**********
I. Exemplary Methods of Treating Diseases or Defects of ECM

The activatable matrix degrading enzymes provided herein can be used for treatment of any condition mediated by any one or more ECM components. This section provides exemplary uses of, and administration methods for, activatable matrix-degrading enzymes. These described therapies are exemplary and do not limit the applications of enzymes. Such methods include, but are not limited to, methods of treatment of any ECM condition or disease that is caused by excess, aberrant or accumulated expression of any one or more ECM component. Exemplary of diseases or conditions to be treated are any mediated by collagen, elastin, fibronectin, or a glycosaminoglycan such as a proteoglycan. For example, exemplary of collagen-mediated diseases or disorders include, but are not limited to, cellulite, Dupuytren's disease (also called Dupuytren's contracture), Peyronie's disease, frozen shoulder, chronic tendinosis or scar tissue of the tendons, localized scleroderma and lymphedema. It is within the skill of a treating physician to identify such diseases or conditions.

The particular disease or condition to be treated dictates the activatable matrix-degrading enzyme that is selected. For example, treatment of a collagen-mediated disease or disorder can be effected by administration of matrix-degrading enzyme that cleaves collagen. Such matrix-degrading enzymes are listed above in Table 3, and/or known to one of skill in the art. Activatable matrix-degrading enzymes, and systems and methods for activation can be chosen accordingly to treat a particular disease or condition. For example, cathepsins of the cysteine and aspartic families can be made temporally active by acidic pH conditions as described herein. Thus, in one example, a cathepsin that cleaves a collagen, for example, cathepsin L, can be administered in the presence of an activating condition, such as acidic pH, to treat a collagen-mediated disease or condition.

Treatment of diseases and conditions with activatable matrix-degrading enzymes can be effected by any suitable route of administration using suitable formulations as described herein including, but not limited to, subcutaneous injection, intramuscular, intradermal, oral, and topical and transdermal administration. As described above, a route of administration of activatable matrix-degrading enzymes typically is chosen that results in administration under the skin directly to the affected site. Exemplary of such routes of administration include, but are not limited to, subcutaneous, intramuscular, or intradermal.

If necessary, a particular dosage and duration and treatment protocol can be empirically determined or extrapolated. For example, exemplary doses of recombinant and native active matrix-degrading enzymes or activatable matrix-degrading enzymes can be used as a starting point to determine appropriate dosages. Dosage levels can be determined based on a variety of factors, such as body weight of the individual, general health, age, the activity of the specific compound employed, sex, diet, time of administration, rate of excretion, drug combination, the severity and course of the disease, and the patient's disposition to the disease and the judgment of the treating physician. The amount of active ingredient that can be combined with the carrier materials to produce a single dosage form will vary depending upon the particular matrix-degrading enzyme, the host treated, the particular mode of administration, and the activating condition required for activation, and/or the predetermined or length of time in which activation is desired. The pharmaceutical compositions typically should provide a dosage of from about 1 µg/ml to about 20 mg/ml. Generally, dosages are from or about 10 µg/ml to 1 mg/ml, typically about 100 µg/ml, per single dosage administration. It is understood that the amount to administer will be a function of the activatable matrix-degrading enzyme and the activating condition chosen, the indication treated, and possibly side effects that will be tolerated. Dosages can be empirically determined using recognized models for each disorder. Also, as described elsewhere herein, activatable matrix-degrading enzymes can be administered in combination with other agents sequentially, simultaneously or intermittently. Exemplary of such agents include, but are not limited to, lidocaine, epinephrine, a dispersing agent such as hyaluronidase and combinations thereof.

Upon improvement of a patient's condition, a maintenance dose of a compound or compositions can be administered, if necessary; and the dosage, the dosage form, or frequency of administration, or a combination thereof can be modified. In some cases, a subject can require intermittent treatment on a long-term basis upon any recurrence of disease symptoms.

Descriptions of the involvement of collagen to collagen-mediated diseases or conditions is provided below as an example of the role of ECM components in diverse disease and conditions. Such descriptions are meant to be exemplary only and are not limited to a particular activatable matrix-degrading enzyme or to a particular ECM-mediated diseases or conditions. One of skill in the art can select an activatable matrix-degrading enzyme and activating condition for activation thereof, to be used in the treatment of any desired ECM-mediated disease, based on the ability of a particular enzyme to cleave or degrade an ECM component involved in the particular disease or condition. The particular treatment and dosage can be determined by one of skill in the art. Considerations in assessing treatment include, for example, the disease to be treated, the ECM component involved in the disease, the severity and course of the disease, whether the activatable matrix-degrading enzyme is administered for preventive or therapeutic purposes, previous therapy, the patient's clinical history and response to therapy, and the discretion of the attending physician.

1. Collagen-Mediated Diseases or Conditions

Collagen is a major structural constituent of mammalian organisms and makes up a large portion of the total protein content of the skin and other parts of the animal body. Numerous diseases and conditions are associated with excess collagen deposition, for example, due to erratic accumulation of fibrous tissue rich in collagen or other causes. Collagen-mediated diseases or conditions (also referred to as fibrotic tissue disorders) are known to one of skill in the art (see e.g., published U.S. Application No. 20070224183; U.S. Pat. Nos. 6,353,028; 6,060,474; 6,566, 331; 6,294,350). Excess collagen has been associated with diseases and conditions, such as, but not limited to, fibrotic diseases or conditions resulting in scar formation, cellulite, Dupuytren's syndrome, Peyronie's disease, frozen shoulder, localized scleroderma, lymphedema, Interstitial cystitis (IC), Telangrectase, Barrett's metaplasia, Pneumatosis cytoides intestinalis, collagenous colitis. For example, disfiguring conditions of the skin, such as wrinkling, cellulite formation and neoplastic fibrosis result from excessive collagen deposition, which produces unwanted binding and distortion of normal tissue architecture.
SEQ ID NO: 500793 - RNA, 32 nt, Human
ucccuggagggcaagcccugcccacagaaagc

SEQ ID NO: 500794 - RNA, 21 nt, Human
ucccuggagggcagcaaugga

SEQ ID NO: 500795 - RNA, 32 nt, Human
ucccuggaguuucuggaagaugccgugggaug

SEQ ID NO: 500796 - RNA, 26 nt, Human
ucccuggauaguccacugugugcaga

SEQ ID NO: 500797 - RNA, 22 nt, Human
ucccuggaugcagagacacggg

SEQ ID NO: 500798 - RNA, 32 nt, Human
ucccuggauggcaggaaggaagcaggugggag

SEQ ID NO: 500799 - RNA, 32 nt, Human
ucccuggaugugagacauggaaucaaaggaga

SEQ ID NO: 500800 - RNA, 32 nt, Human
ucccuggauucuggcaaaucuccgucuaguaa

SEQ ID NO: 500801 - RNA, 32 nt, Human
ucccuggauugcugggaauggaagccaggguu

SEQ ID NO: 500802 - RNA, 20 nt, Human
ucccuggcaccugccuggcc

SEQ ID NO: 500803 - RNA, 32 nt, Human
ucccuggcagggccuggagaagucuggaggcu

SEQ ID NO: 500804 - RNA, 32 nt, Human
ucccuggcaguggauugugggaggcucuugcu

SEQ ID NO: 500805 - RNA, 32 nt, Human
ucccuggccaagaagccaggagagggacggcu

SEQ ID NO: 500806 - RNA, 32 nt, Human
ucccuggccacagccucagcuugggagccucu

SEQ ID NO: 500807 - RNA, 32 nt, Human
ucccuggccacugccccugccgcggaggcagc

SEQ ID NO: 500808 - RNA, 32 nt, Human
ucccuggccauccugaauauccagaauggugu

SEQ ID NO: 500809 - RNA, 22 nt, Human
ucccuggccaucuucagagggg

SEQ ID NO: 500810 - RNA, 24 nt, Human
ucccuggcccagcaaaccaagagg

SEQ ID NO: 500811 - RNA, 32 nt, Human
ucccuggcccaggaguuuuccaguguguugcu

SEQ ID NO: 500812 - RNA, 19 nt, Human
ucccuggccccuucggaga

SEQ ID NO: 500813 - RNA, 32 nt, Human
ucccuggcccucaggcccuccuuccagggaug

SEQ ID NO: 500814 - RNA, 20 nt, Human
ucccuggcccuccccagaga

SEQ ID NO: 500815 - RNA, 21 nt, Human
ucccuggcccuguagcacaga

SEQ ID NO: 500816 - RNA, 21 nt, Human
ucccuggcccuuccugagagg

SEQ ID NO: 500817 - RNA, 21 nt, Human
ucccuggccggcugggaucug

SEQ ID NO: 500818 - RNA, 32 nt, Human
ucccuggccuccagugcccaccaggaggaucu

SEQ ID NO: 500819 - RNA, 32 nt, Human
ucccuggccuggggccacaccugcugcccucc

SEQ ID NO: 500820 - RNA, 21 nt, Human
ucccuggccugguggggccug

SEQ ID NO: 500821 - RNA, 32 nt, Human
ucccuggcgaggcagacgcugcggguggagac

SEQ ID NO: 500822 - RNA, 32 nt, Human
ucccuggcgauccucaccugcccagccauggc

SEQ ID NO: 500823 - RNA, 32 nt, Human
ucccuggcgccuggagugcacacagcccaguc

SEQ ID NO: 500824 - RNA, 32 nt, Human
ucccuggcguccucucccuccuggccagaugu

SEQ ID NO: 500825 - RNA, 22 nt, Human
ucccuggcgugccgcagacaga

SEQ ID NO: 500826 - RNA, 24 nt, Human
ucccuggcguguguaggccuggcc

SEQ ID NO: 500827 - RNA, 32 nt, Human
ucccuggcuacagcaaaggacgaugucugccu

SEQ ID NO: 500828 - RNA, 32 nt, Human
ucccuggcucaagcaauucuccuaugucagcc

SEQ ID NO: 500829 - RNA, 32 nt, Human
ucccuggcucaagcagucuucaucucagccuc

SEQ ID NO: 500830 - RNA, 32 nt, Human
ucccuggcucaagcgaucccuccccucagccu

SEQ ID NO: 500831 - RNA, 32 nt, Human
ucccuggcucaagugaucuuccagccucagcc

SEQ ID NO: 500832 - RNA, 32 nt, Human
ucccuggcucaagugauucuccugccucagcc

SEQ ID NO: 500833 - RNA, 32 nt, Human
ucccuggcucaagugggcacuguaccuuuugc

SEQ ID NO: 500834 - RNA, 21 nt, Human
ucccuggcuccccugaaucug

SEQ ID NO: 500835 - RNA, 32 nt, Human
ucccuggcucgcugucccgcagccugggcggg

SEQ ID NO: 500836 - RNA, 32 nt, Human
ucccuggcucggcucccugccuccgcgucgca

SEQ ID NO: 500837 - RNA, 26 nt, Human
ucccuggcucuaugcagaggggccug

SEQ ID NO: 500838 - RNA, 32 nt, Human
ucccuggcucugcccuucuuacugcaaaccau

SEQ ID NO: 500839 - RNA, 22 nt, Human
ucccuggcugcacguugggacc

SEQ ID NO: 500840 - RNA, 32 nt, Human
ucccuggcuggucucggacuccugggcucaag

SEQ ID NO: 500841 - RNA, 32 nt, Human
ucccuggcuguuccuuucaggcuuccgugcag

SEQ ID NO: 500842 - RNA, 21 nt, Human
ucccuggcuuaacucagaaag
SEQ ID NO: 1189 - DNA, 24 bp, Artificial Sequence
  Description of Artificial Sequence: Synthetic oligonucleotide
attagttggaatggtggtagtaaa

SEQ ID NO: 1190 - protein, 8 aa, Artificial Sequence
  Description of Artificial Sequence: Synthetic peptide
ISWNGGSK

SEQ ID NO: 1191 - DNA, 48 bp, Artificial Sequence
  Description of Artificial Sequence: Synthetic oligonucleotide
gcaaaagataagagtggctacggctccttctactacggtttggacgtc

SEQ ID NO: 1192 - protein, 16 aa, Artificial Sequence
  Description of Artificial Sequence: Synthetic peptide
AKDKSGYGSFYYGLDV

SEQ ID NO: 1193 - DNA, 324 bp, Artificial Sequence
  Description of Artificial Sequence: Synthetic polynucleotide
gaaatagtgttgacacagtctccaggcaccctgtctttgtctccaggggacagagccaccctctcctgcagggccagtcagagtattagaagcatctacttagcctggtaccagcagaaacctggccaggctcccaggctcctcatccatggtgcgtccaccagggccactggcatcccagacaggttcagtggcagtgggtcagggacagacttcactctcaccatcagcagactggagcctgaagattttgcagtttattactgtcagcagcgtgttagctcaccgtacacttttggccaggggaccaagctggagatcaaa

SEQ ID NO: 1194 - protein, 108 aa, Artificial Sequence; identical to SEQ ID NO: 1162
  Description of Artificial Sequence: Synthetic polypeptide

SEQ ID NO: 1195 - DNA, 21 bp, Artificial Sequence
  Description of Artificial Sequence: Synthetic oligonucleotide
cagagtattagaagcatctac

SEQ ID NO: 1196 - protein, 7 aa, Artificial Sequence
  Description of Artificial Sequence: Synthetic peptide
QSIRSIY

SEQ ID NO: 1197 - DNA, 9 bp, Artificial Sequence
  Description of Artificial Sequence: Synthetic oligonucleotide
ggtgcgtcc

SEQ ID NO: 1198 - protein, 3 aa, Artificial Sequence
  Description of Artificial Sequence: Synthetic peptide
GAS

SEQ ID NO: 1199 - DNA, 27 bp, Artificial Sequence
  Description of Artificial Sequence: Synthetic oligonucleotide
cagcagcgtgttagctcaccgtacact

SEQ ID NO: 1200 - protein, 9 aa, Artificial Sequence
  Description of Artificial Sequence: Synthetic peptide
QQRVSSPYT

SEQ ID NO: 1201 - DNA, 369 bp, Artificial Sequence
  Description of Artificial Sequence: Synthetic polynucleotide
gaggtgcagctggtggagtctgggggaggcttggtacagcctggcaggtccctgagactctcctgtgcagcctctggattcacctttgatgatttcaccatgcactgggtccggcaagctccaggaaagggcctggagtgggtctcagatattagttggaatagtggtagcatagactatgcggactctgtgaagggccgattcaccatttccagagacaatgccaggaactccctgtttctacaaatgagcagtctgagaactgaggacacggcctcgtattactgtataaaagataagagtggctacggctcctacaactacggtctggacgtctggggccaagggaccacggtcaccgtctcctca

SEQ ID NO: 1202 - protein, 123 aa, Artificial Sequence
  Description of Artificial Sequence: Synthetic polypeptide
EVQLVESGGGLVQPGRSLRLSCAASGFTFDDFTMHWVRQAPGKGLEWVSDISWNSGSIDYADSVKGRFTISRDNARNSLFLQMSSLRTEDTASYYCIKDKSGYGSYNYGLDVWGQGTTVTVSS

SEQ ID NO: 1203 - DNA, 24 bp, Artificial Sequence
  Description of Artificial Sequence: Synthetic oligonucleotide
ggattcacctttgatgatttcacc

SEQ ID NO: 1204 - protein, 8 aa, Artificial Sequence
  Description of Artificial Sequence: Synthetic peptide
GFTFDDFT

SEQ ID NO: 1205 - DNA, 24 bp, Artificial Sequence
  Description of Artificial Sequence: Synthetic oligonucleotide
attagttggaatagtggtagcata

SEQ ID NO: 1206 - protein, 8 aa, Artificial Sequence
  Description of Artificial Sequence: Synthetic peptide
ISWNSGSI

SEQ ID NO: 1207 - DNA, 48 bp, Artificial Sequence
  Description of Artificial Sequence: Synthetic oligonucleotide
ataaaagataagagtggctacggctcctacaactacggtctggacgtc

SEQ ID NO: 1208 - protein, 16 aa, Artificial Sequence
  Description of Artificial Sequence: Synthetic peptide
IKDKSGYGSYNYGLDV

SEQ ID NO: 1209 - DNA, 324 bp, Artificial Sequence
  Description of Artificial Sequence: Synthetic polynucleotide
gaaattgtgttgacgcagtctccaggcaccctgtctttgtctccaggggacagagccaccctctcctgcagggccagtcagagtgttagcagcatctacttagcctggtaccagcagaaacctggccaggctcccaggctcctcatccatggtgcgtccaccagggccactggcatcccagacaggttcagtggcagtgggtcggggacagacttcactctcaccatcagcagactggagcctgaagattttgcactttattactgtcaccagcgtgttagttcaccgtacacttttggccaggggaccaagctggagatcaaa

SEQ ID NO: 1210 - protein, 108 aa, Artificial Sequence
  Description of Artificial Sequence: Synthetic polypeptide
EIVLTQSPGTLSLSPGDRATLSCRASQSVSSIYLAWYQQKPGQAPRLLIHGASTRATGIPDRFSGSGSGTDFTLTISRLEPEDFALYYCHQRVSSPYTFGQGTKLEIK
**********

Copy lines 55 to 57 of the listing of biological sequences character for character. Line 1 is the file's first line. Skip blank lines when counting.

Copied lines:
ucccuggcccuguagcacaga

SEQ ID NO: 500816 - RNA, 21 nt, Human
ucccuggcccuuccugagagg